Regardless of his performances, he will comfortably qualify for both the BMW Championship and the Tour Championship. He may be done in a real playoff, but the tour wants players who had good years to be in Atlanta.
“I realize that’s for TV reasons and excitement and simply to make it more of a winner-take-all situation, and they give you a 2-shot lead, but it can be gone in two holes over four days,” Rahm said. “I’m not sure which system is the greatest.” In the sense of knowing where you stand and what you have to do, I like coming to East Lake with this new one. There were so many potential permutations of what might happen in previous years. It was difficult to keep your mind on one subject.
“But I don’t believe it’s a fair system in that sense right now,” she says, “but it’s the one we have to live with.”
For the time being, Rahm can only focus on the event at hand, and although he has reached 12-under 130 thanks to a combination of brilliant strokes and tremendous saves, he still has his hands full.
“‘I hit my fair share of poor shots today, believe it or not,” Rahm said. “I was able to save a few of nice ones, just like yesterday. I’m certainly going to have to fix up a few of those errors before the weekend.”
Finau shot a 64 with a bogey on the last hole as he attempts to earn a place among the 30 players who will compete in the Tour Championship at the conclusion of the season, as well as bolstering his chances of making another Ryder Cup squad.
Xander Schauffele, an Olympic gold winner, matched his PGA Tour personal best and the course record at Liberty National with a 62, and was in the group at 10-under 132 with Justin Thomas (69) and Keith Mitchell (64).
Thomas, who was tied for the lead after 18 holes with Rahm, couldn’t figure out which direction the ball was going, making four bogeys in eight holes before closing with a 5 under par five, including an eagle at the par-5 eighth, to remain in contention.
Mitchell began his round by making six consecutive birdies, a sequence that ended on the 18th hole as he approached the turn. He needed two shots to get out of a deeper bunker on No. 7 and made double bogey before closing with two birdies. Mitchell, who is ranked No. 101 in the FedEx Cup, is playing for a spot among the top 70 players who will compete in the BMW Championship next week.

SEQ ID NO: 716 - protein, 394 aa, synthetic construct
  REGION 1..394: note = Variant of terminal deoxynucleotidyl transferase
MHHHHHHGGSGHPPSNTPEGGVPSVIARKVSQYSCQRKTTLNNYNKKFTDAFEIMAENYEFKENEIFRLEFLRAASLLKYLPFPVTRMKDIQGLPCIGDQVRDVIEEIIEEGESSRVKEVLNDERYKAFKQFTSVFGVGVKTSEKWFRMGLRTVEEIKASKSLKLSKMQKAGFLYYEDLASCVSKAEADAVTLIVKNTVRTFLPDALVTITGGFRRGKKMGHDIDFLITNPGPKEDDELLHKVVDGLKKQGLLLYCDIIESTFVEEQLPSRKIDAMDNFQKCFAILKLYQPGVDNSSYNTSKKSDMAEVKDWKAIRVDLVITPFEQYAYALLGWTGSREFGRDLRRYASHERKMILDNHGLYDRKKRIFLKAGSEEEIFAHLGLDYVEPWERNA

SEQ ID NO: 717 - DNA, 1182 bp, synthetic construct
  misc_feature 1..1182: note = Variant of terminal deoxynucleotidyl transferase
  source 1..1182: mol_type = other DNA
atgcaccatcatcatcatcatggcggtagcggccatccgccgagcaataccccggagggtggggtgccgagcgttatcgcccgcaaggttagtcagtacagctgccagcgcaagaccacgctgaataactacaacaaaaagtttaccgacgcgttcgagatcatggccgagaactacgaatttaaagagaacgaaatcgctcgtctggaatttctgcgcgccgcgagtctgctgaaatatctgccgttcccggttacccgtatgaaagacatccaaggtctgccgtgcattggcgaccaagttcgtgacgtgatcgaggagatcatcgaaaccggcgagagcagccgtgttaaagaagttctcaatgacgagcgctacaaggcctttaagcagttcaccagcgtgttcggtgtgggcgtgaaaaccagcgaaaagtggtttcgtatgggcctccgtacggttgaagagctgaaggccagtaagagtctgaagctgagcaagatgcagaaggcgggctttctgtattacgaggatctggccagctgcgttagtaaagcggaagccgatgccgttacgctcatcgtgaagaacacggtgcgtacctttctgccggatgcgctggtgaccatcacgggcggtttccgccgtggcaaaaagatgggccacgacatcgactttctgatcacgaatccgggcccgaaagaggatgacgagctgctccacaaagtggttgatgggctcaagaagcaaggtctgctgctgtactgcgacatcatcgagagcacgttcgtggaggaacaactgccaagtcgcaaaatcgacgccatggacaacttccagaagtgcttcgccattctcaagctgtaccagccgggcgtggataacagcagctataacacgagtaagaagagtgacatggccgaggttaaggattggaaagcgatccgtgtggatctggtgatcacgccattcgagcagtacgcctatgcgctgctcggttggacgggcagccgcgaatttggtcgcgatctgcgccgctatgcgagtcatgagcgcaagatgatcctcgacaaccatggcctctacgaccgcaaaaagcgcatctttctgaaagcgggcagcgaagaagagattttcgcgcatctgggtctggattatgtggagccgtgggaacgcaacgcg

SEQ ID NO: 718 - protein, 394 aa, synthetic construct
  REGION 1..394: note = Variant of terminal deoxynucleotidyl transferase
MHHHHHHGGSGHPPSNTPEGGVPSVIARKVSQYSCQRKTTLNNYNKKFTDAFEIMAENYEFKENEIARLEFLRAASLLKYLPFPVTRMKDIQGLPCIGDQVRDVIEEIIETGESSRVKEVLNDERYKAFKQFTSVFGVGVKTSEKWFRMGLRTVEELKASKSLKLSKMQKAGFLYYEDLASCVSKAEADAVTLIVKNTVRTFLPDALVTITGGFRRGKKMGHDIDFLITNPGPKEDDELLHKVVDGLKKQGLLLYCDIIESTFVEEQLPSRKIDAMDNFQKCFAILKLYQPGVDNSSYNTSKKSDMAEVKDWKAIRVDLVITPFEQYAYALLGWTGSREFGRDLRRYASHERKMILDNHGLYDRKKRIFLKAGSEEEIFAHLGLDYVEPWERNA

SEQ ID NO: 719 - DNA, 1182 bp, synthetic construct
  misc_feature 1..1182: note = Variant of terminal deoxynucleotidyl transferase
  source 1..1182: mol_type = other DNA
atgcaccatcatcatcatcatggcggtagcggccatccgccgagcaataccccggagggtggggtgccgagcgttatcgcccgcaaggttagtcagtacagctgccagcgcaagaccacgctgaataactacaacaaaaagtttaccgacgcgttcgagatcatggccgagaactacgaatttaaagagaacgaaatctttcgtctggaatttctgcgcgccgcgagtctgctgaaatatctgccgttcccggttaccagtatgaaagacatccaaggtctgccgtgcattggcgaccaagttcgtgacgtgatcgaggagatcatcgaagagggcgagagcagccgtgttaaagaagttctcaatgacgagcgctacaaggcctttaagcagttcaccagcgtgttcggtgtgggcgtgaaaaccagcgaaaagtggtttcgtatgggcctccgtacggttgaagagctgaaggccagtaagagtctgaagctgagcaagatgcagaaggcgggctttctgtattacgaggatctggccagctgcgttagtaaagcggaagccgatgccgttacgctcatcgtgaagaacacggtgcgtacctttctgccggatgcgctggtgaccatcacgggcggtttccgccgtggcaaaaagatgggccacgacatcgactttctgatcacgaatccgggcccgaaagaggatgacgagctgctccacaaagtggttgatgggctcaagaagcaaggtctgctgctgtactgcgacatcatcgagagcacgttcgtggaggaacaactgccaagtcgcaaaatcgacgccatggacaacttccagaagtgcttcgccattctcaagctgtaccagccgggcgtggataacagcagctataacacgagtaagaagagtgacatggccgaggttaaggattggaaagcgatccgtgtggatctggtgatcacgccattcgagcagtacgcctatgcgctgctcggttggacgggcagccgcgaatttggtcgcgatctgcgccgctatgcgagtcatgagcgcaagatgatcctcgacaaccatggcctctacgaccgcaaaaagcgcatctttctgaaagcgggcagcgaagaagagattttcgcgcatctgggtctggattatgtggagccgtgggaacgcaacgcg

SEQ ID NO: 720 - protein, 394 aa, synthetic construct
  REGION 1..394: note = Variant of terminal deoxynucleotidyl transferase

Jordan Spieth matched the course record with a 62 after making consecutive eagles — he holed out from the fairway on the par-4 fifth and nailed a shot from the edge of the lake on the par-5 sixth. Along with Brooks Koepka, he was now four strokes behind (64).
After a bogey on the first hole, Spieth began the day concerned about making the cut. He finished in a tie for 10th place, and he believes he had the best luck in the field with those eagles.
“You go for a run when things are going good, right? When you gain momentum, the ball finds the cup, and when things aren’t going well, it bounces in the opposite direction,” he said. “”Right now, I feel like I’m on the right side of some momentum, and all I have to do is keep it going.”
Others have reached the end of their season. Adam Scott, who missed a 4-foot putt in a playoff last week that would have won the Wyndham Championship, scored a 75 to miss the cut by one stroke. In the FedEx Cup, he was one of 28 players outside the top 70 who didn’t make the cut.
This article was written with the help of the Associated Press.